Serena Williams Will Continue Impressive Run with Win at French Open

Joseph ZuckerFeatured ColumnistMay 25, 2013

ROME, ITALY - MAY 19:  Serena Williams of the USA holds the winners trophy aloft after her straight sets victory against Victoria Azarenka of Belarus in their final match during day eight of the Internazionali BNL d'Italia 2013 at the Foro Italico Tennis Centre  on May 19, 2013 in Rome, Italy.  (Photo by Clive Brunskill/Getty Images)
Clive Brunskill/Getty Images

Serena Williams has been a force in 2013, and you can expect her to run through her opponents at the French Open with relative ease.

It's hard to believe that around this same time last year, Williams was getting bounced by Virginie Razzano in the first round at Roland Garros. It was the nadir in what was an underwhelming beginning to 2012.

Fast forward to this year, and Williams is coming in much more dominant and primed for her second French Open win.

The clay of Roland Garros has never been too kind to Williams. The single win is her fewest among the four Grand Slams, and she hasn't gotten further than the quarterfinals since 2003.

It's a rather poor run for Williams and belies her consistency in the other three major tournaments.

Whether it's a lack of motivation or health problems, Williams had a hard time over the past few years getting everything to click on the court.

Part of what has gotten Williams to the top of women's tennis is her insatiable drive to be the best. That's led her at times to be very prickly with fans, media and other players—just ask Sloane Stephens. However, in the buildup to the tournament, Williams has been very different, much more open and content with her progress (h/t Simon Cambers of The Guardian):

"I felt this past year I had nothing to lose and just really wanted to enjoy my career," she said. "In the past when I played I was always so stressed out and always wanted to win, win, win. Now I'm definitely having a lot more fun than I used to on the court and really enjoying every moment of me walking out there. That definitely makes a big difference."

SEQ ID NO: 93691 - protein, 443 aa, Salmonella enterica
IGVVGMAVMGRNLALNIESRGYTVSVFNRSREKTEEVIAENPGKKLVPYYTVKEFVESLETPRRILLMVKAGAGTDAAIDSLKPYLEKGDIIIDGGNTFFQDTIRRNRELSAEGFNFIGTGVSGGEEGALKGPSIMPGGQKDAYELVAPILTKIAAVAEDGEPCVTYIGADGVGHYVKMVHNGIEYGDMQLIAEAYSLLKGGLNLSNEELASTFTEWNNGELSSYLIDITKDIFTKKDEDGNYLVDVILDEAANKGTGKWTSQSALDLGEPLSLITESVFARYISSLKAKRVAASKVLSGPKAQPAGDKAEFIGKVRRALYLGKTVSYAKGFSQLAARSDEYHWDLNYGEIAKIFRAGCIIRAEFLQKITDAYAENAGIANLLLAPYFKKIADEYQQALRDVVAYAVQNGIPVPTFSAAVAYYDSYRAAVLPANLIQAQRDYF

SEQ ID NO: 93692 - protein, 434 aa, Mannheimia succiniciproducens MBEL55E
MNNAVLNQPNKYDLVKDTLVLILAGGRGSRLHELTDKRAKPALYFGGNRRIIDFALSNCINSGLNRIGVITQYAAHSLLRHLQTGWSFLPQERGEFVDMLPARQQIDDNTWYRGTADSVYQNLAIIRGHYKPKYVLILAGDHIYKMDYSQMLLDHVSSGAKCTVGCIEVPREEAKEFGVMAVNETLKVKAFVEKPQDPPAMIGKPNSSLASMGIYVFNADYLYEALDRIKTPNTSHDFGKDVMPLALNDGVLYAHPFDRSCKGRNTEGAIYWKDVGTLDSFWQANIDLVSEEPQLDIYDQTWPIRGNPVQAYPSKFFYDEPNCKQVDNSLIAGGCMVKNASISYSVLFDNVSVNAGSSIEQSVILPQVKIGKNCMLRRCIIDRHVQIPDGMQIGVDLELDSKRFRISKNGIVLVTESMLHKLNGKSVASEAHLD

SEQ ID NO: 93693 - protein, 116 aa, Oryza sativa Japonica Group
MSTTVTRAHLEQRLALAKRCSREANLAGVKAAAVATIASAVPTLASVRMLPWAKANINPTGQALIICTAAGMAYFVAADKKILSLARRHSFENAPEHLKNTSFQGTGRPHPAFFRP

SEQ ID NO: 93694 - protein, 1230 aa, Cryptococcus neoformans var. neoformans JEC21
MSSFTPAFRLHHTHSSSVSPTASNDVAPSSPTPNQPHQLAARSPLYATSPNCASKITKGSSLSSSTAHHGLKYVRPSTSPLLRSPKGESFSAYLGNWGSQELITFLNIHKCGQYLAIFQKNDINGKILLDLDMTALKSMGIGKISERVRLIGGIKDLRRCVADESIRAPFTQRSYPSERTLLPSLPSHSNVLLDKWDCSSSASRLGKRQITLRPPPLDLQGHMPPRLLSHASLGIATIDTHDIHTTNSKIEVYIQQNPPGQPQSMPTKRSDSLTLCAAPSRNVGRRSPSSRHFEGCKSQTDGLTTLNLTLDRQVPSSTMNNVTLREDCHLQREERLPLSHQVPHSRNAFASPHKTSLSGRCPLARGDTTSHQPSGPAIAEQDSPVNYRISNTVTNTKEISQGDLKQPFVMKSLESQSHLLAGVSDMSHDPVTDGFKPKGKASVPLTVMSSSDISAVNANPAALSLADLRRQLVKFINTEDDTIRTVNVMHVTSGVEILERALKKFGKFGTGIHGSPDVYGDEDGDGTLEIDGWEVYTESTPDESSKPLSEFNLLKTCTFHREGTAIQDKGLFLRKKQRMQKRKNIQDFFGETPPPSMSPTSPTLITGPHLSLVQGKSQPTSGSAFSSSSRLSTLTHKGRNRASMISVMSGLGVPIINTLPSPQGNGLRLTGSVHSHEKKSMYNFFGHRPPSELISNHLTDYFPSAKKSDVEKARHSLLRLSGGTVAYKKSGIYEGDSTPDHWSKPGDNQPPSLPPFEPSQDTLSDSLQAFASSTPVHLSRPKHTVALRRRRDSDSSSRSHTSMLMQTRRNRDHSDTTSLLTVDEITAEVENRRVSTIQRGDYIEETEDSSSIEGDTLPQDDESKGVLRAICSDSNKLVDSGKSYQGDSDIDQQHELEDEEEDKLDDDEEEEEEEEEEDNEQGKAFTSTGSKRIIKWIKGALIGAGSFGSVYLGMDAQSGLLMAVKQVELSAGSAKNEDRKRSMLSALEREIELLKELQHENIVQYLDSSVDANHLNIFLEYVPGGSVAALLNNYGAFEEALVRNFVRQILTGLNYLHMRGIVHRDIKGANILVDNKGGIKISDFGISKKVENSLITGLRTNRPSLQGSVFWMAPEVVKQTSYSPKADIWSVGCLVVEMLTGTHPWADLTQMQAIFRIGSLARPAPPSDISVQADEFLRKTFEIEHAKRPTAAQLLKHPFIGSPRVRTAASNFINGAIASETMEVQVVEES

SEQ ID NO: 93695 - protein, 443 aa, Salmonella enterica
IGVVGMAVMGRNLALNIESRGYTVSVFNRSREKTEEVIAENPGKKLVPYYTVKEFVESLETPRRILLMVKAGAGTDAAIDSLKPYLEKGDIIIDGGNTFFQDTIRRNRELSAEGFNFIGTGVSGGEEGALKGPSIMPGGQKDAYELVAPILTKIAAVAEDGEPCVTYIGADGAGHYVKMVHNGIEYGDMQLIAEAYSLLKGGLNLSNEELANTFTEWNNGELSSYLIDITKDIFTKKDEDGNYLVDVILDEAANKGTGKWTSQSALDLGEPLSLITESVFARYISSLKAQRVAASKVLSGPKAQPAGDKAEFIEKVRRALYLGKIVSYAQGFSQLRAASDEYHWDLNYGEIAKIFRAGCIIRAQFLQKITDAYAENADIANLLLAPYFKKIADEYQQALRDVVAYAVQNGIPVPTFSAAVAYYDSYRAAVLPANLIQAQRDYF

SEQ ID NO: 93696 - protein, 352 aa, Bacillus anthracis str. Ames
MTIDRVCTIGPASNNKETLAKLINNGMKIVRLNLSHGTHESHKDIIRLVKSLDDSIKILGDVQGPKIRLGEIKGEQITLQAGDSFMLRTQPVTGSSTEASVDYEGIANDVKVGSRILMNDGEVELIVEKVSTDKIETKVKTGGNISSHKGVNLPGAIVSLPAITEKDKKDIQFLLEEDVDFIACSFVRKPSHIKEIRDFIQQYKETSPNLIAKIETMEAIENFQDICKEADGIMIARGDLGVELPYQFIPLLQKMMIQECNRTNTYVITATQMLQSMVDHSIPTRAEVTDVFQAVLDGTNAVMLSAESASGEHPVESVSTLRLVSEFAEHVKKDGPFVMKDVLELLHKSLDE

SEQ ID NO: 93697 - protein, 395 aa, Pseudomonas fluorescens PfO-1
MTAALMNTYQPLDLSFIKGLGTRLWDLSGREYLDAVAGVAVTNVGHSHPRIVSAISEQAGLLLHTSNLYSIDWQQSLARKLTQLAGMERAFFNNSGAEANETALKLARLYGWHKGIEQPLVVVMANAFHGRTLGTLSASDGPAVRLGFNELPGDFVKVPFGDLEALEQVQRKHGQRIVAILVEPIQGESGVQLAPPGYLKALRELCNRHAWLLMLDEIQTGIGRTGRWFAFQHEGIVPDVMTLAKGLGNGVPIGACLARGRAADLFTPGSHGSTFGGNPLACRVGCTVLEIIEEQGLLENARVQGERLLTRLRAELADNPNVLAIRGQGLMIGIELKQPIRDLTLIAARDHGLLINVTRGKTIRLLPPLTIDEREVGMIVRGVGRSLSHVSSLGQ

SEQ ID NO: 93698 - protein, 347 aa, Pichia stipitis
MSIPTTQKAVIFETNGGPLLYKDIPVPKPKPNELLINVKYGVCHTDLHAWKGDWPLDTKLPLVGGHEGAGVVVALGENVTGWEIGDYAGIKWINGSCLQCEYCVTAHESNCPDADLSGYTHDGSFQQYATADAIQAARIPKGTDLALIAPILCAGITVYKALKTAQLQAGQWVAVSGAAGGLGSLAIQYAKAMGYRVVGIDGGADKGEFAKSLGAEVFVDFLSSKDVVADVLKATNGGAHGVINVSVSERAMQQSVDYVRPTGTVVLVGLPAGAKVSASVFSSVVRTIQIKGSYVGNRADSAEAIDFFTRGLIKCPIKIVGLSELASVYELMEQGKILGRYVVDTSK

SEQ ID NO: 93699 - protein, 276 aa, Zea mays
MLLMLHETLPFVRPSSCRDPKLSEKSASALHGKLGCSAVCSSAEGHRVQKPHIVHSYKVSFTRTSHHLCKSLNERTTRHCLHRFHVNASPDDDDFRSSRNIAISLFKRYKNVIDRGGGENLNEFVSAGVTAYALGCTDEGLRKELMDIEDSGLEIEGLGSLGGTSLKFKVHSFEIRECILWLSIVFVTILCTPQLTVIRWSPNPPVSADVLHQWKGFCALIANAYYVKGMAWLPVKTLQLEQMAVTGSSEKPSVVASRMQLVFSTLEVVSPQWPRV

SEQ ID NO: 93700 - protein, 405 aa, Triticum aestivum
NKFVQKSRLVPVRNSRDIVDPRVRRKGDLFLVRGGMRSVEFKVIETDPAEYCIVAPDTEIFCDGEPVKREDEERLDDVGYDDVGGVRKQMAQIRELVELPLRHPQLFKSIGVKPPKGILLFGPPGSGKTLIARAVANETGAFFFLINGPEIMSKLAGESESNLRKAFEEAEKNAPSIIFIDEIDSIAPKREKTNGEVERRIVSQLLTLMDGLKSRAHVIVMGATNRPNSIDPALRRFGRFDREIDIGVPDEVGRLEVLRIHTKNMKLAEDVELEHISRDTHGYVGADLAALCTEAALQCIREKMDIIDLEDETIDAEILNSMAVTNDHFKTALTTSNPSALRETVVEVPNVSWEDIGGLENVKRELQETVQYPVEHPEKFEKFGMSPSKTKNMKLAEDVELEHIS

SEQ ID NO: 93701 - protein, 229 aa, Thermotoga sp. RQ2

A dialed-in Williams has to be frightening for her competition. Even when she isn't at her best, Williams can be the best women's singles player in the world. At her peak, she's untouchable.

Just think back to how great Williams was during the 2012 Olympics. She made Sharapova look like some unranked nobody who has never played professional tennis. It was some of the most dominant tennis you're ever going to see.

Then she concluded her 2012 by winning the U.S. Open.

It's a superb run of form Williams has carried into this year, Australian Open aside. ESPN's Chris Fowler was particularly impressed with the way she performed at the Rome Masters:

She beat Victoria Azarenka 6-1, 6-3 in the final after dropping a paltry 10 games in the previous four rounds.

Considering she's 31 years old, it's amazing to see how high a level at which Williams remains. Normally a player hitting his or her 30s means a quick decline into mediocrity. Williams, on the other hand, remains almost as good as she was in her prime.

There's no reason to start questioning Williams' chances now.

Losing to Stephens at the Australian Open hurt, but you could see Williams was not herself. Her back was giving her problems, and she was visibly in pain. That's not to take credit away from Stephens but rather to explain what was the worst performance for Williams so far in 2013.

Despite that disappointment at the Australian Open, she has to be considered the prohibitive favorite for the French Open.